The decision to keep Tauranga city centre bars’ closing time at 3am is being described as a “win for hospitality".
Tauranga City Council voted to leave the closing times as they are at the Strategy, Finance and Risk Committee meeting today.
Miss Gee's Bar and Eatery owner Ash Gee told Local Democracy Reporting they are trying to rejuvenate the Tauranga CBD and encourage a vibrant night life, so the move was a “win for hospitality”.
As part of the Local Alcohol Policy Tauranga City Council was proposing to change the closing time for CBD bars to 2am.
This was opposed by bars and restaurants but was the favoured option for the Western Bay of Plenty police and recommended by council staff.
At the meeting, commission chair Anne Tolley said she was “not convinced” the closing time was a problem.
“What we heard from the hospitality sector was that they are taking inside the bars very genuinely and putting a lot of effort into managing people inside their bars, including the expense of a great many security staff and managing that really well,” says Tolley.
Commissioner Stephen Selwood says he didn’t see a “compelling case for much change at all or a compelling case for a Local Alcohol Policy in the first place”.
He says if there was clear evidence that the 3am closing time was an issue then he would consider change but he says there wasn’t clear evidence.
Commissioner Stephen Selwood. Photo: John Borren/SunLive.
“If anything, from submissions there was a sort of sentiment that having managed control in on licence was actually a benefit rather than a disbenefit and the risk of course is you pour them out onto the streets where they’re not under that influence,” says Selwood.
Committee member Rohario Murray agrees there is a lack of evidence to show an earlier closing time reduces harm.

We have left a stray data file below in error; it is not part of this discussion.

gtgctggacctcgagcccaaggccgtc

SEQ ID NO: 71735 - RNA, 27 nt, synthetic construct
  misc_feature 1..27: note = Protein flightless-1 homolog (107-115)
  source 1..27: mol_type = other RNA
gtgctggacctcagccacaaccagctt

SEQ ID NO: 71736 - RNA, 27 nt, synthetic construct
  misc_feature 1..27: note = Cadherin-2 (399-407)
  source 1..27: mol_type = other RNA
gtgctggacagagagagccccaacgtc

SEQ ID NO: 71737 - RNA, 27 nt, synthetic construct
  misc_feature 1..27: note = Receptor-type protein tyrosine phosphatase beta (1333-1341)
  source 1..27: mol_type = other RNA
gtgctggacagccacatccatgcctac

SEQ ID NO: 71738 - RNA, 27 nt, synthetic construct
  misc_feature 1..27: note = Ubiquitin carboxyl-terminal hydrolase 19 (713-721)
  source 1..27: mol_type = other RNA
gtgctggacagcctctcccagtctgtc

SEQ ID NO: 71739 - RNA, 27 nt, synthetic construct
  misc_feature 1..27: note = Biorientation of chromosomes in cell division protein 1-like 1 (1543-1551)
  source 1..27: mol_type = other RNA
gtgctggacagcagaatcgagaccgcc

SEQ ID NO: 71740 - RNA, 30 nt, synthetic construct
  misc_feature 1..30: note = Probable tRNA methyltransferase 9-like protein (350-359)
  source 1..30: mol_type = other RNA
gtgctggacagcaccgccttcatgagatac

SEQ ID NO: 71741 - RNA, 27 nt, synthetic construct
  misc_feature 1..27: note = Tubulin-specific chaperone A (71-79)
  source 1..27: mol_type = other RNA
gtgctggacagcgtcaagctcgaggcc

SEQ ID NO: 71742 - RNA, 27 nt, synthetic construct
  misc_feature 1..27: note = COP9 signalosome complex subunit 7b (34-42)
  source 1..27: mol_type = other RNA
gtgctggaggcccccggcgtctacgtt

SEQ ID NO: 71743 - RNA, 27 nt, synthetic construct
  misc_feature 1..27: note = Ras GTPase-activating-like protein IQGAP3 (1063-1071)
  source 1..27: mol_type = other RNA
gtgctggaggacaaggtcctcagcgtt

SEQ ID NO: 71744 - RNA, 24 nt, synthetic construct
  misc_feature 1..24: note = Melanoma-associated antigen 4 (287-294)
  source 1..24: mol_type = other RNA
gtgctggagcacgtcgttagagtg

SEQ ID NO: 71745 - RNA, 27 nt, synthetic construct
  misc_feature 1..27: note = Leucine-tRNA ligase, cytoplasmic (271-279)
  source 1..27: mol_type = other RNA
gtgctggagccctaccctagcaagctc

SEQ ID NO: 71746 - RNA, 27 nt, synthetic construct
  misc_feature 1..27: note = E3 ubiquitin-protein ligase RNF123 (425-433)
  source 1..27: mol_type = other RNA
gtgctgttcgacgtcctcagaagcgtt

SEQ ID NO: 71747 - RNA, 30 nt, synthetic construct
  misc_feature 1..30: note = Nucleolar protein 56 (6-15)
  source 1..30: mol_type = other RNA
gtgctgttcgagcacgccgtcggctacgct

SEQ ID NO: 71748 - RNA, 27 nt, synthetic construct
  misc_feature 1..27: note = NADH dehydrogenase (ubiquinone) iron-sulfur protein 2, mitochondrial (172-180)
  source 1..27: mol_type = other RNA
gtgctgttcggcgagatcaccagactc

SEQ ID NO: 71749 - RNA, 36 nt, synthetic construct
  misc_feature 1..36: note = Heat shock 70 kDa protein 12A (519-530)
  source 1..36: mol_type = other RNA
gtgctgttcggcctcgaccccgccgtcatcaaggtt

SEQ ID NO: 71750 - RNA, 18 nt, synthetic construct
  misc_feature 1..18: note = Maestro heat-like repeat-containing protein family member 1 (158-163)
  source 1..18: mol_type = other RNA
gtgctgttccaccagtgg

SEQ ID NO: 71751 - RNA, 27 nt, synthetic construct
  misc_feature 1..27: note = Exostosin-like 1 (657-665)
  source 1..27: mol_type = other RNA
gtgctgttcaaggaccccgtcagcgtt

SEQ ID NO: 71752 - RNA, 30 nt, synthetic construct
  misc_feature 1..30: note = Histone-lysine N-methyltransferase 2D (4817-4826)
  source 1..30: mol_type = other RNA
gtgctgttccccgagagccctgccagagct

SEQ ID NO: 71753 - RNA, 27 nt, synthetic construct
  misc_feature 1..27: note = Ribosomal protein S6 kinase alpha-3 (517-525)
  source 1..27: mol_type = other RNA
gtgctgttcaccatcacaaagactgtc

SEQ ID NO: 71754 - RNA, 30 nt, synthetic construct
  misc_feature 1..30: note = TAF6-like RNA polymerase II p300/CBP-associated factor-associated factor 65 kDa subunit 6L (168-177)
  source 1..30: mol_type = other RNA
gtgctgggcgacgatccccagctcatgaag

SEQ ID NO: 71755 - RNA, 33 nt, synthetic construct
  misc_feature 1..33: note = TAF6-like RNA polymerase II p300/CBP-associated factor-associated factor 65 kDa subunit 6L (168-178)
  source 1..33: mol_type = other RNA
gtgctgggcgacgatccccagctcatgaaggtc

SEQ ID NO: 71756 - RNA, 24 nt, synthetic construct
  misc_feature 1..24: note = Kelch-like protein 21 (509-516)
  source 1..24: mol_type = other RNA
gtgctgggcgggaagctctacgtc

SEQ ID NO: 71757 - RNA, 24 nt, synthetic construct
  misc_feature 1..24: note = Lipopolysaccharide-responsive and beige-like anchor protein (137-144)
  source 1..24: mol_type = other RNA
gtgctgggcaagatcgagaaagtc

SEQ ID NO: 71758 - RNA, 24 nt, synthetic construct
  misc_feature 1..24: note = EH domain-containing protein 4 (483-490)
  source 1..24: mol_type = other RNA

She says they need to look at what they were doing to reduce harm out on the streets if that was where the issue was and suggests increased police presence and more Māori wardens.
“Let’s try make the streets a safer place than actually trying to close down bars,” says Murray.
Miss Gee’s owner Ash Gee says she employs one of the biggest security teams for a bar in the city and will have five or six guards working on a Saturday night, which is their busiest night.
She says the investment shows because they have had a “good run” of not having any incidents.
“We do as much as we can to increase the safety for our guests, but we also monitor what goes on around town and feed that back to police,” says Gee.
The bar owner says if the closing time had been brought forward to 2am it would have impacted her business “pretty extensively”.
City centre bars see an influx of people coming from Mount Maunganui bars and restaurants that close at 1am and an earlier closing time would have cut that trade out, says Gee.
“It would've impacted a lot of the bars and that would trickle backwards into people being less likely to go to the CBD for dinner and after dinner drinks, because the vibe would just basically evaporate.
“A lot of people come out for dinner and drinks and things like that and then stay around, so that [2am closing] would've just killed all of that.”
Knowing her bar can remain open until 3am is a relief for Gee because they have events planned until December.
Downtown Tauranga chairman Brian Berry told Local Democracy Reporting the mainstreet organisation advocated for the closing time to remain the same and he’s pleased it hasn’t been changed.
“We felt that the bars themselves were doing a good job of how they were managing their patrons,” says Berry.
He says there needed to be more of a police presence in the central CBD during key hours as an “actual deterrent” if they had the resources, to help mitigate issues if they arose.
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